I'm told people in the UK who ordered The Plague Cycle are going to have to wait a little longer to get it. In very partial recompense, I present my utterly arguable list of top ten pandemics, ranked by impact on human history....
1. Neanderthal herpes: Neanderthals were already at home and well adapted to life outside Africa before anatomically modern humans arrived. Why did the Neanderthals end up extinct?
...One (disputed) theory: the newcomers arrived with a herpesvirus that was particularly deadly to previously unexposed locals. Maybe there wouldn’t have been human history at all if it weren’t for this pandemic.
Read 20 tweets
24 Sep 20
A short thread on liberty and public health in the US, with snakes (guest appearance by a worm).
The rod of Asclepius, symbol of medicine –here on a CDC logo (l). Clinical parasitologist Rosemary Drisdelle thinks the rod might originally reference a treatment for the guinea worm –healers remove the worm from your leg by slowly winding its tail end around a match stick (r).
Public health has long been a factor in the expansion of government power: restricting the travel of goods and people, keeping the sick in their homes or sanitariums, mandates from pasteurization through sewage treatment to trash removal, wild animal control...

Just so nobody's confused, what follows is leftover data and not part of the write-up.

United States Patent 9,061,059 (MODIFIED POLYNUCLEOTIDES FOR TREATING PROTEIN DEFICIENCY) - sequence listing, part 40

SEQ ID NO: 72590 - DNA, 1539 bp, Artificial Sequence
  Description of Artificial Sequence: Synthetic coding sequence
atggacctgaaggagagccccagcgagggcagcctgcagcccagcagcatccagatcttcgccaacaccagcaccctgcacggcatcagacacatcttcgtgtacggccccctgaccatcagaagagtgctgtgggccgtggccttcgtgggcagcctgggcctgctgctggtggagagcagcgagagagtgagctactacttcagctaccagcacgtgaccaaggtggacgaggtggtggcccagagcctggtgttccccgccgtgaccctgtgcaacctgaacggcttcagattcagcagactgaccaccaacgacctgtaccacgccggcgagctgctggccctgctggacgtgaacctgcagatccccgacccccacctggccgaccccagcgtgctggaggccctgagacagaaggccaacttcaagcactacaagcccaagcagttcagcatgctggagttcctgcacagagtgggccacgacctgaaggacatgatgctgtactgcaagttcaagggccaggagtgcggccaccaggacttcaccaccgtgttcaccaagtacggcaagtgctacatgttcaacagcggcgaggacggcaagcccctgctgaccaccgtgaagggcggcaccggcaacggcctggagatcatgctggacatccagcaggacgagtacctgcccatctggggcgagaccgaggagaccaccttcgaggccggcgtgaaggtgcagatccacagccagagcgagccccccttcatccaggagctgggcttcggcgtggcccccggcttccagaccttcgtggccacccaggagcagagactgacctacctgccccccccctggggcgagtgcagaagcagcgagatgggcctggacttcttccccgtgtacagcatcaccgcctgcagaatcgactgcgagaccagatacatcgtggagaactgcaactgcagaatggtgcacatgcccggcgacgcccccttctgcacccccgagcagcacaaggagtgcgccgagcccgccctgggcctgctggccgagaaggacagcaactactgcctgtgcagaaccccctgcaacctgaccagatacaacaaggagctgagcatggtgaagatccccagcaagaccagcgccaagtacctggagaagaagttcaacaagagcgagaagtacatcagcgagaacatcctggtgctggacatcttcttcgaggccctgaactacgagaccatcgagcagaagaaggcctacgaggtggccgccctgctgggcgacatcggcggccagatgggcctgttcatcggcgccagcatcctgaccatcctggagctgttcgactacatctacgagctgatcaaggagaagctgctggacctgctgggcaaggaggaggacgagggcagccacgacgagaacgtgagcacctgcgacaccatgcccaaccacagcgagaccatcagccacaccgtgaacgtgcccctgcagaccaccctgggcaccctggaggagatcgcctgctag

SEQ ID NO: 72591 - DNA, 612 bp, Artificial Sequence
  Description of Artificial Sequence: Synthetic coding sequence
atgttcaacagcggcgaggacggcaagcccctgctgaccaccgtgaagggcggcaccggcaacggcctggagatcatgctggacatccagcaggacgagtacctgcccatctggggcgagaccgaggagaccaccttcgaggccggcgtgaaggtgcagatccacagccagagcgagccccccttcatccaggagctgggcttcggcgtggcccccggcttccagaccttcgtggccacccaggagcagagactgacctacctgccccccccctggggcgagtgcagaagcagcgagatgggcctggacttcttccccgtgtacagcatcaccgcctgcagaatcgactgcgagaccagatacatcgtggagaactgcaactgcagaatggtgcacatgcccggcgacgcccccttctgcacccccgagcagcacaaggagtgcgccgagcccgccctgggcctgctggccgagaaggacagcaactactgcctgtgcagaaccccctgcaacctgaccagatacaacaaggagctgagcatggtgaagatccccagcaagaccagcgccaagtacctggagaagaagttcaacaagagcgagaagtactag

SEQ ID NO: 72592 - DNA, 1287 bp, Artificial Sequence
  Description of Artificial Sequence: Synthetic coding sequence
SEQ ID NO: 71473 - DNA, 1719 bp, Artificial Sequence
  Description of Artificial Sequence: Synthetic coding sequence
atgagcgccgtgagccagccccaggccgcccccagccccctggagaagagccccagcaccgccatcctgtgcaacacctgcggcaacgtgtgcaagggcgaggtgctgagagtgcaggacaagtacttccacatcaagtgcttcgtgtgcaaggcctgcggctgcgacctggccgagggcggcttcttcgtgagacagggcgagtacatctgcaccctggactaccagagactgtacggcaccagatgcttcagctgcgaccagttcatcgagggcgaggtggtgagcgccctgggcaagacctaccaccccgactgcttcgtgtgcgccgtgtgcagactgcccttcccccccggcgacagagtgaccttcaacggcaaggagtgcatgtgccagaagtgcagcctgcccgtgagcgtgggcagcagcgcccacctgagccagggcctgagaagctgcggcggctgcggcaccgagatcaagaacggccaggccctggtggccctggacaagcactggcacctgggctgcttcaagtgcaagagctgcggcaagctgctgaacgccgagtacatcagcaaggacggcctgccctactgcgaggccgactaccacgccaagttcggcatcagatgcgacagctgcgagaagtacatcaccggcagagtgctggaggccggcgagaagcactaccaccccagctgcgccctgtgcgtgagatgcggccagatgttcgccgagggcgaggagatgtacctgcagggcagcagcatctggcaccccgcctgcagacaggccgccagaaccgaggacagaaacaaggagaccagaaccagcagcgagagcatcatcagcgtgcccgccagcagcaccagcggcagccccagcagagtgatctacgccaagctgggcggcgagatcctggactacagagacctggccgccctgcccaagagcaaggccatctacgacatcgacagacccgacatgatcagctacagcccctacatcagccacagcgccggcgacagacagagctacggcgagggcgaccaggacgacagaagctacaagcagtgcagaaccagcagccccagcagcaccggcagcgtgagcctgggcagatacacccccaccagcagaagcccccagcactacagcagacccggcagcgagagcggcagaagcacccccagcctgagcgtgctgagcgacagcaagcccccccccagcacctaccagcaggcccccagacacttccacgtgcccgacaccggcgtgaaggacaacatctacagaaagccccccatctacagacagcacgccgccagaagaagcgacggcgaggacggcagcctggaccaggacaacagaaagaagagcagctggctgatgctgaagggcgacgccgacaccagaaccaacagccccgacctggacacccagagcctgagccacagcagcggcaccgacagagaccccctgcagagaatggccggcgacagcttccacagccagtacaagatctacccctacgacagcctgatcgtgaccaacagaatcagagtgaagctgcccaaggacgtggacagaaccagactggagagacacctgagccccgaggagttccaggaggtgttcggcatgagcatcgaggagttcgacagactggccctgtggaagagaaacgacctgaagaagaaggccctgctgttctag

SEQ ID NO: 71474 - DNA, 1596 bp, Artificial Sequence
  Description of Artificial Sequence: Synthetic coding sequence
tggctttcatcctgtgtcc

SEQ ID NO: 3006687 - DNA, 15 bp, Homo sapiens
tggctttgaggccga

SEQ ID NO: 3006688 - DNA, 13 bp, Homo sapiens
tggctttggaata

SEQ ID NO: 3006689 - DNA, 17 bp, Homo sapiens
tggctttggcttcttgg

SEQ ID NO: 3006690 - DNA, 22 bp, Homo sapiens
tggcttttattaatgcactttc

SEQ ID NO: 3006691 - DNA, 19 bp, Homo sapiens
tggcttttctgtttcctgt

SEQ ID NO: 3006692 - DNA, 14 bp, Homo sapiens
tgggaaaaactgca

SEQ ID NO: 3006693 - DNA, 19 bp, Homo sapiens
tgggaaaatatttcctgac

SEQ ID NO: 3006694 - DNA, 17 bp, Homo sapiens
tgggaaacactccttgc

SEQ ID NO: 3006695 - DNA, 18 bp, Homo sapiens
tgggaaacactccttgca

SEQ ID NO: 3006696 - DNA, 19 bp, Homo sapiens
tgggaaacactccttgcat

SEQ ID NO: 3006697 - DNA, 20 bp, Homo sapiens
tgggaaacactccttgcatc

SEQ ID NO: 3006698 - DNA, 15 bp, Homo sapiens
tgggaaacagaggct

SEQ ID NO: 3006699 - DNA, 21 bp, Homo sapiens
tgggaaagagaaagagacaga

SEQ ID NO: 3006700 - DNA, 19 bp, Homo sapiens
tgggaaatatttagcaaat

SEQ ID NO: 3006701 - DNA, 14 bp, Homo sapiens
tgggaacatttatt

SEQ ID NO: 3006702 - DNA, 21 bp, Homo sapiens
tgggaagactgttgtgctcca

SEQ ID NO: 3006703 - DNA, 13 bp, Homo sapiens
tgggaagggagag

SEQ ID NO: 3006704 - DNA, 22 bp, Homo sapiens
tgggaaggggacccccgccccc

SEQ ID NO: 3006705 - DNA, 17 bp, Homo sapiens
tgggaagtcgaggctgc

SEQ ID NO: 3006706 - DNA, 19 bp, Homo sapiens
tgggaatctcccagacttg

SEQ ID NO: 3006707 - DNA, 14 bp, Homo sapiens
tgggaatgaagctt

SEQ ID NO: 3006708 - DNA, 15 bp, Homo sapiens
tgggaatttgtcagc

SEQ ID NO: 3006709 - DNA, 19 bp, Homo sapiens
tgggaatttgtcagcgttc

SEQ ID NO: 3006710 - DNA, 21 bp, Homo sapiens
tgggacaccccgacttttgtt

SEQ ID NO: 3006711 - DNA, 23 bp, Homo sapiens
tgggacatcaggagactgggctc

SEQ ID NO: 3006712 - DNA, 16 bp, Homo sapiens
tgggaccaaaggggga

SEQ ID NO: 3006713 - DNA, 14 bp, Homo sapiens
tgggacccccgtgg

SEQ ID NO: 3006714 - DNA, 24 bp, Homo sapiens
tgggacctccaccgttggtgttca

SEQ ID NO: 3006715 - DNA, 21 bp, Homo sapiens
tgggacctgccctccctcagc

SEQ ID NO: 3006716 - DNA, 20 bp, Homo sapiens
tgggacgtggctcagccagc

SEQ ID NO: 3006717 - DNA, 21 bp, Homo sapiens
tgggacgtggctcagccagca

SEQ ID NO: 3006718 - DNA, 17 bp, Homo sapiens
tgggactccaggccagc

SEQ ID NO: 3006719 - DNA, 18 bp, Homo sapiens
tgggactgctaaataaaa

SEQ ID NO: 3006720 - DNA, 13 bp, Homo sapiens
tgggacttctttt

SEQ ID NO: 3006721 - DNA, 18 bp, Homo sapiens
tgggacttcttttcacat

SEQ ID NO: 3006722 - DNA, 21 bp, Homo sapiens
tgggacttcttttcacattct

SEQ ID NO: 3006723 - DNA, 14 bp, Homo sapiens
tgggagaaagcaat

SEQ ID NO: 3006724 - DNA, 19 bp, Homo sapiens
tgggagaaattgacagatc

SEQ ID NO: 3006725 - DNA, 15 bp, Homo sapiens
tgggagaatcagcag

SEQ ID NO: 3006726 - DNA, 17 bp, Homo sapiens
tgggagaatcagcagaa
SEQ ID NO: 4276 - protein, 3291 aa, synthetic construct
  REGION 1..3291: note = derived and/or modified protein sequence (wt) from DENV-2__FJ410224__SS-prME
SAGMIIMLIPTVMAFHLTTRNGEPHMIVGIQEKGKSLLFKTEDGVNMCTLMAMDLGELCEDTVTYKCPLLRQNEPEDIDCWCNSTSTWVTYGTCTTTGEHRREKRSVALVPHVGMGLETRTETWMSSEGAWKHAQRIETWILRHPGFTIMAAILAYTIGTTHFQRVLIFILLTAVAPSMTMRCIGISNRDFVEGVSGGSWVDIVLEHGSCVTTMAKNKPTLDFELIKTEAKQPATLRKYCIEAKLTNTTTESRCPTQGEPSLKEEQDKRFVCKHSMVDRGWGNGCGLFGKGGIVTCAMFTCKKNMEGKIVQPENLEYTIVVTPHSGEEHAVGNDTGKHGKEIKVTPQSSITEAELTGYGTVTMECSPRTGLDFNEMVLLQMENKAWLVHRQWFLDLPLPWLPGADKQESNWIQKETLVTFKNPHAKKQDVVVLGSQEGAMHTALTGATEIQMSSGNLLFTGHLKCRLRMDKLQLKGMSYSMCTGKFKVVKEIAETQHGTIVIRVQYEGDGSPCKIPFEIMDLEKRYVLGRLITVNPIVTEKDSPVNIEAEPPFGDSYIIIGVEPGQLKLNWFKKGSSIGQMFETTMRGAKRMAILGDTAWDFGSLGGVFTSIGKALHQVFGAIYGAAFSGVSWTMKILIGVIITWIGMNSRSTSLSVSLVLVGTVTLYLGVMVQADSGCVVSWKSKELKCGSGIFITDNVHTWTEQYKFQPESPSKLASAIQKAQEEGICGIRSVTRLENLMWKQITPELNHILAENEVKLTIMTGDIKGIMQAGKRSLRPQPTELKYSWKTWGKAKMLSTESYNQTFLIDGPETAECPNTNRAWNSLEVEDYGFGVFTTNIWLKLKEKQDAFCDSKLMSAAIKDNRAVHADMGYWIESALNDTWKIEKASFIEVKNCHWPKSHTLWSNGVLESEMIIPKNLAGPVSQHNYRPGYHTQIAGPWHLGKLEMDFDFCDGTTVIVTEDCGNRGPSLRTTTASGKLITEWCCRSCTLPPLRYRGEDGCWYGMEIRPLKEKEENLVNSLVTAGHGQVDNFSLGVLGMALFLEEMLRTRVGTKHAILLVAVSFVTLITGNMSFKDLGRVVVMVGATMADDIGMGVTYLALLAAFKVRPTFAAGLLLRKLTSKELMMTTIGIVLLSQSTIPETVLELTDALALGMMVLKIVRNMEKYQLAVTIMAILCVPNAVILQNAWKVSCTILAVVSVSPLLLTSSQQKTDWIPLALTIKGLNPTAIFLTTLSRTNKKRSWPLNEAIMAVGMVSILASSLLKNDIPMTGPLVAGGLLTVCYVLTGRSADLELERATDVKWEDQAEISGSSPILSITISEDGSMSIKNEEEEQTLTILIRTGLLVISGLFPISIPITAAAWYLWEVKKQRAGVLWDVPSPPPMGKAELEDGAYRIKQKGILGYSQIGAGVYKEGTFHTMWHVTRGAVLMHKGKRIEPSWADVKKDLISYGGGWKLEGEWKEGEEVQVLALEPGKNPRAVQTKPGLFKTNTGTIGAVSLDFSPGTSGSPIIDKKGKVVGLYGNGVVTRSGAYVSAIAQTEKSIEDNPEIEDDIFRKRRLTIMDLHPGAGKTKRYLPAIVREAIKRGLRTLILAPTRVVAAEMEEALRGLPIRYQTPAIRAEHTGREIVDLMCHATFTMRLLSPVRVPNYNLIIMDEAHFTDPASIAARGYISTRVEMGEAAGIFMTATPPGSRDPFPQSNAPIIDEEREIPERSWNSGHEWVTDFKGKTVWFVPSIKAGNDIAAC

Read 8 tweets
15 Sep 20
Justin and Dev gave a test to 2,300 students in India that combined questions from TIMSS, PIRLS and tests given in West Africa and Latin America. That allowed them to accurately compare learning outcomes across 80 countries. Fantastic work, but depressing results.
Some findings: in poor countries, more spending per student associated with higher test scores (not so much in rich); family *and* national income both associated with higher scores; learning inequality higher where income inequality is higher; [...]
...Lower test scores for girls are strongly correlated with higher
rates of child marriage and desired fertility; test-score divergence between private and government schools is significantly larger in more unequal countries.

But read Jusitn's thread!
Read 5 tweets
7 Sep 20
Just for example, here’s H. Clinton on Kissinger: a "friend" whose counsel she has "relied on." No one should be friends with this man.
To be clear, Clinton is far from unique —Bloomberg, Albright, all sorts of Democrats have embraced the man alongside Trump and loads of Republicans.
Or take this example. Many people I admire going to this event at which Kissinger is the honorary chair.

Read 8 tweets
31 Aug 20
Oooh, book excerpt.

Yes plz,, more Americans.
"That people want to move here is — and historically has been — a strategic asset, and we have a form of creedal civic nationalism that can accommodate a broad range of newcomers."

And China doesn't, and is getting older as fast as the US.
"People should be equipped with the tools they need to avoid pregnancy and childbirth but also with the kinds of social support that help in the raising of children."

Yay! (though looking at Europe, not sure it will make a ton of difference to TFR long term)
Read 5 tweets